22 August 2015 | BA_Harrison
I wanted to like this so much more than I did.
As a little girl, Ochô Inoshika witnesses the bloody murder of her father, who dies clutching three gambling cards, clues to the identities of those responsible for his death. Two decades later, Ochô (Reiko Ike) is now a skilled card player and deadly swords-woman and uses her talents to try and track down her father's killers. Her search leads her into a world of political intrigue, her path crossing with an idealistic revolutionary Shunosuke (Tadashi Naruse) and his British ex-lover, undercover spy and gambler Christina (Swedish sex star Christina Lindberg).
Approximately twelve minutes into Sex and Fury and viewers are treated to an exquisitely exploitative scene in which beautiful star Reiko Ike is attacked by numerous sword wielding baddies while taking a relaxing soak in a tub. Leaping from the water to grab her sword, she proceeds to hack and slash her way through the enemy, her naked body becoming drenched with blood in the process. The action moves into a snowy courtyard, where the carnage continues in slow motion, until all the men are dead.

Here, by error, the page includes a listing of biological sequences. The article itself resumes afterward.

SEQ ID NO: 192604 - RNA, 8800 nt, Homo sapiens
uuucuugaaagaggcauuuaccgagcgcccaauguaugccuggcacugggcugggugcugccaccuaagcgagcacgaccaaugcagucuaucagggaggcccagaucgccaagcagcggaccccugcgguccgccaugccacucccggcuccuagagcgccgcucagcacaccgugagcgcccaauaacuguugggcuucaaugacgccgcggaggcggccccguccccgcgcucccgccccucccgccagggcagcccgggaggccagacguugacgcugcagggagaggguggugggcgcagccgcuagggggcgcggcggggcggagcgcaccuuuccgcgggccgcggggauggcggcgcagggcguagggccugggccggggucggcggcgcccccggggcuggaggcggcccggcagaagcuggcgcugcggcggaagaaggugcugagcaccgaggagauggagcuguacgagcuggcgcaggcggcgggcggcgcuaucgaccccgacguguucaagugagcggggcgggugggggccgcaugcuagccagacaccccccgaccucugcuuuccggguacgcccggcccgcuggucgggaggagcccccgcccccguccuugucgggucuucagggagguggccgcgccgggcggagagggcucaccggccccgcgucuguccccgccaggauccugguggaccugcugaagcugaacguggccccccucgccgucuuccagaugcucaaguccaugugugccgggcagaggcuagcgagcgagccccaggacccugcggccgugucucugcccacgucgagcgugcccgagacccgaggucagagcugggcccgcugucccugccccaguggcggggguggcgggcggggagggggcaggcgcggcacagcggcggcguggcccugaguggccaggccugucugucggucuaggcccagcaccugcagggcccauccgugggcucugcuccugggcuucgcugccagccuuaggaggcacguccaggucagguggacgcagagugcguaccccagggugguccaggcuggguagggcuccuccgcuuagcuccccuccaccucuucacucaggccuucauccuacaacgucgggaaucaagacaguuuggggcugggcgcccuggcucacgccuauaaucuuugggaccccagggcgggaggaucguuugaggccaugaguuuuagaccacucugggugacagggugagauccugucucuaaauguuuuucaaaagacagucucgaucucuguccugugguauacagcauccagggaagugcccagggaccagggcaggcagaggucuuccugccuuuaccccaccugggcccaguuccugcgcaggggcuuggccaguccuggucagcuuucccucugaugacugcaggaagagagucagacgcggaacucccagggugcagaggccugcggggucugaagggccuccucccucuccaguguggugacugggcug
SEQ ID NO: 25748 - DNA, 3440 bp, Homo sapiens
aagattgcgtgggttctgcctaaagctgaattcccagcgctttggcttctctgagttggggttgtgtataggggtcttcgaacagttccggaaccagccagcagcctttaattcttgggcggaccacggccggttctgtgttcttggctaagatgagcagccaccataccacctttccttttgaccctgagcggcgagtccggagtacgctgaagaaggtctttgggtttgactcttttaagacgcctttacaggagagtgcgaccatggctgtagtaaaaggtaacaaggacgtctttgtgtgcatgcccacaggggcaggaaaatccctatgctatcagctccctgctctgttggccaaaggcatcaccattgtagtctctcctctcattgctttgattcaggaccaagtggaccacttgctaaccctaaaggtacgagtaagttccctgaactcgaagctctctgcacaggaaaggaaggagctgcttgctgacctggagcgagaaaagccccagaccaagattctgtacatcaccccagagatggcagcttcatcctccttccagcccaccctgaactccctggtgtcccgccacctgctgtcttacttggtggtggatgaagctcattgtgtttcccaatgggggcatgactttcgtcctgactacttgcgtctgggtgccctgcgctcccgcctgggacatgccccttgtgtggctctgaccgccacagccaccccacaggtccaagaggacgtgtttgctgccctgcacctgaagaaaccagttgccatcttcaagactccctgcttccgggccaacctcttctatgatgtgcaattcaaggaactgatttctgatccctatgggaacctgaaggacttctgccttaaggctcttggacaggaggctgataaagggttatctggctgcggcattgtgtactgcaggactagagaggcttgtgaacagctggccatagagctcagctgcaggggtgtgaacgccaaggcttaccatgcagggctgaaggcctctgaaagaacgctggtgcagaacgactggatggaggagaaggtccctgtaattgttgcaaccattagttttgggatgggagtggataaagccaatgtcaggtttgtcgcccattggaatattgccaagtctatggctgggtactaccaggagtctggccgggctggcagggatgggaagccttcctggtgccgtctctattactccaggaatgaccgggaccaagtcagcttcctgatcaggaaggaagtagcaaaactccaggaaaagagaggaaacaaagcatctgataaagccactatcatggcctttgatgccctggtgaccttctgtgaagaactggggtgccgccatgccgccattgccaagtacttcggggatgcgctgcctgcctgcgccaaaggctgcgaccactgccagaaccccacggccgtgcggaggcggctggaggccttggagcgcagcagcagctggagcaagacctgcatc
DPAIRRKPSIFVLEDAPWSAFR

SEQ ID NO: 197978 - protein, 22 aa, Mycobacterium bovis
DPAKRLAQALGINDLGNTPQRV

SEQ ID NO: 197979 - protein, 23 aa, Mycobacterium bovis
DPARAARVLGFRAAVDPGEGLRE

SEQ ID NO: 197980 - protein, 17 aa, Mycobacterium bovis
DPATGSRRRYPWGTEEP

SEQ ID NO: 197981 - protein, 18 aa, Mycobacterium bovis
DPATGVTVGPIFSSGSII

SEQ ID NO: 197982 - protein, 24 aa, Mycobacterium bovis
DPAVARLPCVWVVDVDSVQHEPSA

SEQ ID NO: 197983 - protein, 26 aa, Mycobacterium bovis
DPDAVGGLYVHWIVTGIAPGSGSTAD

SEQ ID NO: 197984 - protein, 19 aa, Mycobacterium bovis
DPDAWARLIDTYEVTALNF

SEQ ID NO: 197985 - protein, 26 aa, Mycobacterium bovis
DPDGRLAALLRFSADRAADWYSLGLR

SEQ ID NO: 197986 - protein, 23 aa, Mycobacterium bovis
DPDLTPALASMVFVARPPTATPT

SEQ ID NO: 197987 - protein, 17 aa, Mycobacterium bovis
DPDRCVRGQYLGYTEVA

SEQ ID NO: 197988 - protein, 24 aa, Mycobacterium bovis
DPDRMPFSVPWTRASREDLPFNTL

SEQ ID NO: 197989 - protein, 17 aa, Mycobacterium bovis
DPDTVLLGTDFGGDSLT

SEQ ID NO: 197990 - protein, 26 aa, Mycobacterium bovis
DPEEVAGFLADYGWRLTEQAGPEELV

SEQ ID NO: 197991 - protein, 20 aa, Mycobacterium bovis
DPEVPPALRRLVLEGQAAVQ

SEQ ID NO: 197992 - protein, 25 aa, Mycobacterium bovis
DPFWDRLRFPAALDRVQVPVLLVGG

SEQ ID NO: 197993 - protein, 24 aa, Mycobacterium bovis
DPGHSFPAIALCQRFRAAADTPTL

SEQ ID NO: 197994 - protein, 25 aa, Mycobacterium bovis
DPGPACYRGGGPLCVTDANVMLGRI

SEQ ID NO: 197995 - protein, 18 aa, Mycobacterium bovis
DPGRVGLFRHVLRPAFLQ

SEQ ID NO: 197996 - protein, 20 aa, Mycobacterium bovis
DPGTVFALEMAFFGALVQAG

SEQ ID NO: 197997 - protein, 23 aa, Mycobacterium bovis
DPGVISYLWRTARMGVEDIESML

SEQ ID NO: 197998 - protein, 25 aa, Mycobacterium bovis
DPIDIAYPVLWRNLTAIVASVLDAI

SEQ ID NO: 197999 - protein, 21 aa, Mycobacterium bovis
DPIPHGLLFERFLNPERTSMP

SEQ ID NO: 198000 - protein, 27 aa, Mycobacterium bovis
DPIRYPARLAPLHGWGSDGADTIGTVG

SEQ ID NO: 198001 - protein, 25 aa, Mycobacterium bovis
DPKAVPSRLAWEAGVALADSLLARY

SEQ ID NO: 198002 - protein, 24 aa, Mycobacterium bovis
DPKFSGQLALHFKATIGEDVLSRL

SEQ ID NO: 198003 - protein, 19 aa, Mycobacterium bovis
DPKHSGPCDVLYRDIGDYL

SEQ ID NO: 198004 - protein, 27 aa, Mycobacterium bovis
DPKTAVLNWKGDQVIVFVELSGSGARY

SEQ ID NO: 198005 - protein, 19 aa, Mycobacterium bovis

Director Noribumi Suzuki (Beautiful Girl Hunter, School of the Holy Beast) closes his film in a similar fashion, with Ike going topless to slice up countless henchmen in her pursuit of justice. Excessive arterial spray ensures that, once again, Ike winds up drenched in bright red gore. This time, she uses the snow outside to clean her bloody chest.
Sadly, these gloriously bloody bookends to the film's intricate revenge plot are easily the film's highlights, with not an awful lot of note going on between them. The rather dull political plot-line offers very little opportunity for more action, and although there is copious nudity and sex along the way, the soft-core shagging and light bondage soon becomes tiresome (even Lindberg's lesbian session with a Japanese woman outstays its welcome).
Sex and Fury is, as these kind of movies so often are, extremely stylish, with classy cinematography and a cool jazzy score, but the acting from some of the cast is decidedly ropey (Lindberg speaks both English and Japanese, mangling both languages). If you're new to Japanese cinema and are looking for a classic female swords-woman revenge tale, I suggest either of the Lady Snowblood movies over this film; and if you're after something really sleazy, then the aforementioned other films from Suzuki offer more in the way of general perversion. Sex and Fury is passable pinky violence, but there are better examples out there.